Yes, you can apply for a new reentry permit while your current reentry permit is still valid. To be exact, you can apply for a new reentry permit “up to 60 days before the expiration date of the previously issued re-entry permit to ‘allow time for receipting of the application and issuance of the ASC appointment before adjudications.’” (AILA’s NSC Liaison Committee Practice Tips for I-131).
The reentry permit regulations clearly state that “an application for a reentry permit or refugee travel document will be denied if the applicant was previously issued a reentry permit or refugee travel document which is still valid, unless it was returned to USCIS or it is demonstrated that it was lost.” [8 CFR 223.2(c)1]
What this means is that if you are applying for a new reentry permit while your current reentry permit is still valid, you should include your current reentry permit with your application for the new reentry permit.
If you do not include your current valid reentry permit with your reentry permit application, this can be very problematic for your case. If the current reentry permit is not included in the filing, USCIS adjudicators are given instruction to issue a request for additional evidence (RFE) for you to return the reentry permit or explain the reason why you cannot return the reentry permit. The USCIS adjudicator is required to “resolve this matter satisfactorily before delivering the new permit.”
There is a limited exception to this general rule:
According to the USCIS Nebraska Service Center (NSC), if your application for a new reentry permit is filed with 30 days or less remaining on your current reentry permit, the application should be adjudicated without issuance of an RFE requesting the current reentry permit. It is unclear whether other Service Centers take this approach. (AILA’s NSC Liaison Committee Practice Tips for I-131).
What this means is that if your reentry permit application will be adjudicated at the Nebraska Service Center, and your current reentry permit is valid for 30 days or less (from the date of filing), then you do not need to include the current reentry permit with your new reentry permit application.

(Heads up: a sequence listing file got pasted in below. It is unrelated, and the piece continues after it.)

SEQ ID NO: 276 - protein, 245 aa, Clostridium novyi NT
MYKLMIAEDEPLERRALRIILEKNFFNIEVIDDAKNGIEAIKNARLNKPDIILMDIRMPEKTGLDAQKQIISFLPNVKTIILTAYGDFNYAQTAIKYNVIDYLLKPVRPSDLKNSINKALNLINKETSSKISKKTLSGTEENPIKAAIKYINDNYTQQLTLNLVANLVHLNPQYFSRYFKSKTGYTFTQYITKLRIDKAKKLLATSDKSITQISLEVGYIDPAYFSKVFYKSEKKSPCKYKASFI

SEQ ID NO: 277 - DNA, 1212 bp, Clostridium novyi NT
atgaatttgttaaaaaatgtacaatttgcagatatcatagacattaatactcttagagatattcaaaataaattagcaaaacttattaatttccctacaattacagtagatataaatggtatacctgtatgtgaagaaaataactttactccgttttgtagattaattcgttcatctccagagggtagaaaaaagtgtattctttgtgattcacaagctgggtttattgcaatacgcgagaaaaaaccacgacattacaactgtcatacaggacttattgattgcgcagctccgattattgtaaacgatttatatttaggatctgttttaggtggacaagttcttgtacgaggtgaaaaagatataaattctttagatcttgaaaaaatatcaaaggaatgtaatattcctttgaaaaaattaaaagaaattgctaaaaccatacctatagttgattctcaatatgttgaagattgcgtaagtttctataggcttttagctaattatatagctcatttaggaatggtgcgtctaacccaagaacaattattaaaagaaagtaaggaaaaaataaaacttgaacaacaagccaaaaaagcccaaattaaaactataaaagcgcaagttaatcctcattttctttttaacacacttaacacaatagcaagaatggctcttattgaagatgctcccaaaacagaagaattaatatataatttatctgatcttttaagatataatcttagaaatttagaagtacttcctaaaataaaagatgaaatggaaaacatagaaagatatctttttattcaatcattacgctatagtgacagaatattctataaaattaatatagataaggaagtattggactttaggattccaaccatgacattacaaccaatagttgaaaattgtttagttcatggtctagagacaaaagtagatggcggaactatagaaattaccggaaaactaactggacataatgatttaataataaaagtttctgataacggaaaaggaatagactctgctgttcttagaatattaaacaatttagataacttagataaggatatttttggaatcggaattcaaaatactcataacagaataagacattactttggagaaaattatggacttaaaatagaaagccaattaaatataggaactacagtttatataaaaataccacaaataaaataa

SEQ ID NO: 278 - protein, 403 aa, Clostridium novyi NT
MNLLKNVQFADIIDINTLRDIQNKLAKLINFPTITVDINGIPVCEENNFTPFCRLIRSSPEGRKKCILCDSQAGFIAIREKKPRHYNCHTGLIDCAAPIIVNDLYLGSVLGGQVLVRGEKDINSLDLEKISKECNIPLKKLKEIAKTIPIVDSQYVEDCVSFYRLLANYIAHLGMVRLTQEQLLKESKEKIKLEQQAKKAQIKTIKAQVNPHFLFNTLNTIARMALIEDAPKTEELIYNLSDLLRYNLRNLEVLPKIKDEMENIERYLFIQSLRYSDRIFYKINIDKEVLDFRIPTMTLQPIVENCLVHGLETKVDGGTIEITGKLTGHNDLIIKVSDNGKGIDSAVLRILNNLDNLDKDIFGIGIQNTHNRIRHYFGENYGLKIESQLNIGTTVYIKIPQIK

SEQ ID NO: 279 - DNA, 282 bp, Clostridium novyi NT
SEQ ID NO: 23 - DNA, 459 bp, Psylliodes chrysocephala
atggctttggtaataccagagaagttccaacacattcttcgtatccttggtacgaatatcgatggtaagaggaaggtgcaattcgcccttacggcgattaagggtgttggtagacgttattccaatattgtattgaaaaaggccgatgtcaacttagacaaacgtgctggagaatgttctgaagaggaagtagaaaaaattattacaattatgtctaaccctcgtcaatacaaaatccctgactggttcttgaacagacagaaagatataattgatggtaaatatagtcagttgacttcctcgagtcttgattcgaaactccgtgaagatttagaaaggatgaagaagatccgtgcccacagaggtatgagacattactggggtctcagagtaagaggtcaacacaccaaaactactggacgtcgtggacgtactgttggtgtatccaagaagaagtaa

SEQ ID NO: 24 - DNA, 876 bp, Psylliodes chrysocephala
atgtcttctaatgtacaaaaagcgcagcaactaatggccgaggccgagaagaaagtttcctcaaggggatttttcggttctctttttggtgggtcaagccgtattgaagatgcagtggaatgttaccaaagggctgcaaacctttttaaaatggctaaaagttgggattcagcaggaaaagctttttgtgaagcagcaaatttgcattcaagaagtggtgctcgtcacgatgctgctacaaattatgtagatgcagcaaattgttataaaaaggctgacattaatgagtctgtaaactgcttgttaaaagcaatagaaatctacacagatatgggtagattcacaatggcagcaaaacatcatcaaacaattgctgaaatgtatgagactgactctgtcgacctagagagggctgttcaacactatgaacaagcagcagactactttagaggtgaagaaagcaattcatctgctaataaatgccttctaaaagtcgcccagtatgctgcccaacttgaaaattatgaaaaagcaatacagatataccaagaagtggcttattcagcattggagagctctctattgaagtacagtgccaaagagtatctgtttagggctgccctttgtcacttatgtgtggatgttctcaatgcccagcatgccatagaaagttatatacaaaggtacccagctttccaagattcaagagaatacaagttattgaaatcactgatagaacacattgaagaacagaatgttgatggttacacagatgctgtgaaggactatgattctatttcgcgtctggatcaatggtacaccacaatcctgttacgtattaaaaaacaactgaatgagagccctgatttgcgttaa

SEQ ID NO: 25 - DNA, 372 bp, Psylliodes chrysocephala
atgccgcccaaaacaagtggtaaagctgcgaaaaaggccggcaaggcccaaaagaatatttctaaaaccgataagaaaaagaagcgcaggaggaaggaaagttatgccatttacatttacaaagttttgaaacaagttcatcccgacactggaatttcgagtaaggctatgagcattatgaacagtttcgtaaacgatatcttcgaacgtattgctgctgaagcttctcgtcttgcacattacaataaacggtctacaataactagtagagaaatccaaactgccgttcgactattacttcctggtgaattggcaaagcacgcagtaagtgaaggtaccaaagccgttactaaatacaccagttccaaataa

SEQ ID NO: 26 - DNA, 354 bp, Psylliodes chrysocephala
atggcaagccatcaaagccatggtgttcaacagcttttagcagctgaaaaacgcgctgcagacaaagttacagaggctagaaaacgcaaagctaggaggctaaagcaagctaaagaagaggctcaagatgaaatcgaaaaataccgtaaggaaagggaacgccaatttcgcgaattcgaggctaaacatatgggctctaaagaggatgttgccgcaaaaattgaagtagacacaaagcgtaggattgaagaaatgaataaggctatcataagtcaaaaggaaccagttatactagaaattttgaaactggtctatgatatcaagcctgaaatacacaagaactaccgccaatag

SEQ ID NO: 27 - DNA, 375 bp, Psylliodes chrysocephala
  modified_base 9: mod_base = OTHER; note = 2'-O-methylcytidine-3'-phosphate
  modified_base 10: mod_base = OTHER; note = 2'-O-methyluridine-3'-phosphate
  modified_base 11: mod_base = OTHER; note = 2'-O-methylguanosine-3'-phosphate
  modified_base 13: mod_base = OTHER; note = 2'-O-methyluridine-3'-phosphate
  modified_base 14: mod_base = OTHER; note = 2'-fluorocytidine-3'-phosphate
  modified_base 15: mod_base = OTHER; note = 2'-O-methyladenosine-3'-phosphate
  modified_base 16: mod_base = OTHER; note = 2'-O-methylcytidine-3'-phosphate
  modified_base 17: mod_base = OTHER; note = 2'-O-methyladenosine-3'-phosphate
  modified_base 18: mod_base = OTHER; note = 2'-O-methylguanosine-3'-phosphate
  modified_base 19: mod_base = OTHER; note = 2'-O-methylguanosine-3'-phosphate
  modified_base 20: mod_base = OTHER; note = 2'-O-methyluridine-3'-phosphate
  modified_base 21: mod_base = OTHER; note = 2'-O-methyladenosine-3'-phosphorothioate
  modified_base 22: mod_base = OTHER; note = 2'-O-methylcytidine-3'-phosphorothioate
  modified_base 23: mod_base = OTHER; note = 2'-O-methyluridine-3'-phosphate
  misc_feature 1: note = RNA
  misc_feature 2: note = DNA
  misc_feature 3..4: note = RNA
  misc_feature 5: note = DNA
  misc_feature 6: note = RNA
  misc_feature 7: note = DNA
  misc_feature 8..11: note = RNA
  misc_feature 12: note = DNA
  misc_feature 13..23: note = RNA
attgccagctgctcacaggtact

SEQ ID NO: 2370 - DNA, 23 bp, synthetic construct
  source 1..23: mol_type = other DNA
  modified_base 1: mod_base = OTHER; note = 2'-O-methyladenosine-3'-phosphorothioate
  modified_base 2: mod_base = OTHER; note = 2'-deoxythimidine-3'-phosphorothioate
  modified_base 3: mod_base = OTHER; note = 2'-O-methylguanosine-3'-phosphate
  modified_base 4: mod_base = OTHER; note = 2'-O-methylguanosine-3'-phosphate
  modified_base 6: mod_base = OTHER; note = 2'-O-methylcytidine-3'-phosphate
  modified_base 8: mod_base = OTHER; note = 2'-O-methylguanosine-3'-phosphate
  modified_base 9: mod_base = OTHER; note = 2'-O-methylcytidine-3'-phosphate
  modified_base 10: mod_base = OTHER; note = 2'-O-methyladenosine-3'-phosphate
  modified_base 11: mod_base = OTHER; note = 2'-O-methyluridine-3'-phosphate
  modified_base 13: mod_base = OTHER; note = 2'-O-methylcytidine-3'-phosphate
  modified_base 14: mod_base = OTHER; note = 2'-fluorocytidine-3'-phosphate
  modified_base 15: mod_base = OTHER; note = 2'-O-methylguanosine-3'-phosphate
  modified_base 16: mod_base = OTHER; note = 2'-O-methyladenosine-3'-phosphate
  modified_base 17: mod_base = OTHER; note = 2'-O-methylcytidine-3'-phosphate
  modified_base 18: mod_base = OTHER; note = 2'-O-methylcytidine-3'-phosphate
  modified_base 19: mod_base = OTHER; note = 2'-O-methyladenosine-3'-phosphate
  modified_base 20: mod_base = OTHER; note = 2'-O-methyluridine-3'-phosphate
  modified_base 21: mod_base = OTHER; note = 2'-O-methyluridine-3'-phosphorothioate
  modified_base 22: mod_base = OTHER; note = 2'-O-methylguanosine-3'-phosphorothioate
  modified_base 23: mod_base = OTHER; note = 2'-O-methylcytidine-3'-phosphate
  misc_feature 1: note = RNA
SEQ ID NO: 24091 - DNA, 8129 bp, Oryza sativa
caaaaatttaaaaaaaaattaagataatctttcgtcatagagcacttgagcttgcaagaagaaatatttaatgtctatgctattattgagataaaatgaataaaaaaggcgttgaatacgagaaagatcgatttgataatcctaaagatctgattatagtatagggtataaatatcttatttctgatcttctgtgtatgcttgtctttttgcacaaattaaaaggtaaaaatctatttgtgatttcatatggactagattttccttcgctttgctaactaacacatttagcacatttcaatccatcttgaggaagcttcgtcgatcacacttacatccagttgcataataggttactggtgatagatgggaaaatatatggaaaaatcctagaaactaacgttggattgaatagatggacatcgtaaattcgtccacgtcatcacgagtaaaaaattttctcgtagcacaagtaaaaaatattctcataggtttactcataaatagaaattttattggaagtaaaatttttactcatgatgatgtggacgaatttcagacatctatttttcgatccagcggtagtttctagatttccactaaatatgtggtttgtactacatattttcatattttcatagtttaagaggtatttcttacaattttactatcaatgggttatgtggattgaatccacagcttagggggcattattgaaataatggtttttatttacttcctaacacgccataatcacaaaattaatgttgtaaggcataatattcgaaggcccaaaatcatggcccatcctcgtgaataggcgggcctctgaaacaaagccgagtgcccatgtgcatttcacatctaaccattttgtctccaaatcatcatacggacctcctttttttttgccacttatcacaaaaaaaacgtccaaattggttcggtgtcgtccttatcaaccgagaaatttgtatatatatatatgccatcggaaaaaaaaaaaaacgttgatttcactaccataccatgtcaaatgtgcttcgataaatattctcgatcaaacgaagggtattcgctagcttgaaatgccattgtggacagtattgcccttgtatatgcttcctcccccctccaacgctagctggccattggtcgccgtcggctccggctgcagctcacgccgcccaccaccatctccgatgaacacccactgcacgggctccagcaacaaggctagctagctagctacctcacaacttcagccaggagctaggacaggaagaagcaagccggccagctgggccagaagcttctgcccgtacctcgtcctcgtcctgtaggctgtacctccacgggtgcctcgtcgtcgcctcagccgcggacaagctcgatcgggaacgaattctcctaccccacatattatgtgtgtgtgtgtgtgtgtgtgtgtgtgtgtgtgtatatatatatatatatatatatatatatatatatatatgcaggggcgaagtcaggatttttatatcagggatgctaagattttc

4. How Many Times Can I Apply for a New Reentry Permit?
- The regulations do not limit the number of times you can receive a reentry permit.
- So, technically, there is no set limit to the number of reentry permits you can receive.
- However, if you’ve been outside of the U.S. for more than 4 years total since become a permanent resident or within the last 5 years (whichever is less), then your reentry permit will only be valid for 1 year instead of 2 years. [8 CFR Section 223.2(c)(2)]
- Even though the regulations do not put a limit on the number of times you can receive a reentry permit, applying for multiple reentry permits can be problematic.
- As a reentry permit applicant, your intent to depart from the U.S. should be for a temporary period of time. The more reentry permits you receive, the more difficult it becomes to establish that your departure from the U.S. is truly “temporary.”
5. Tips for Success
1. Work with an Experienced Immigration Lawyer
- After getting approved for your first reentry permit, each subsequent reentry permit becomes increasingly more difficult to obtain.
- An experienced immigration lawyer can work with you to develop your application properly and to clearly explain the need for the reentry permit.
2. Include Proper Documentation with Your Application
- An experienced immigration lawyer can help you determine which documents to include.
- The appropriate documentation for your case will depend on your specific situation.
- Some general documents that should be included are: 1) copy of permanent resident card; 2) copy of photographic page of passport; 3) passport photos.
At this point, you should have a much better understanding of the reentry permit renewal process. Technically, a reentry permit is not renewed, instead you are required to apply for a new reentry permit.
To apply for a new reentry permit, you are required to file a Form I-131 with USCIS while you are physically present in the United States. You are then required to attend a biometrics appointment.
I know this is quite a bit of information to understand. If you have any questions, or if you need assistance with your reentry permit renewal, feel free to email me directly at Michael@AshooriLaw.com. I would be happy to help you!
- AILA’s NSC Liaison Committee Practice Tips for I-131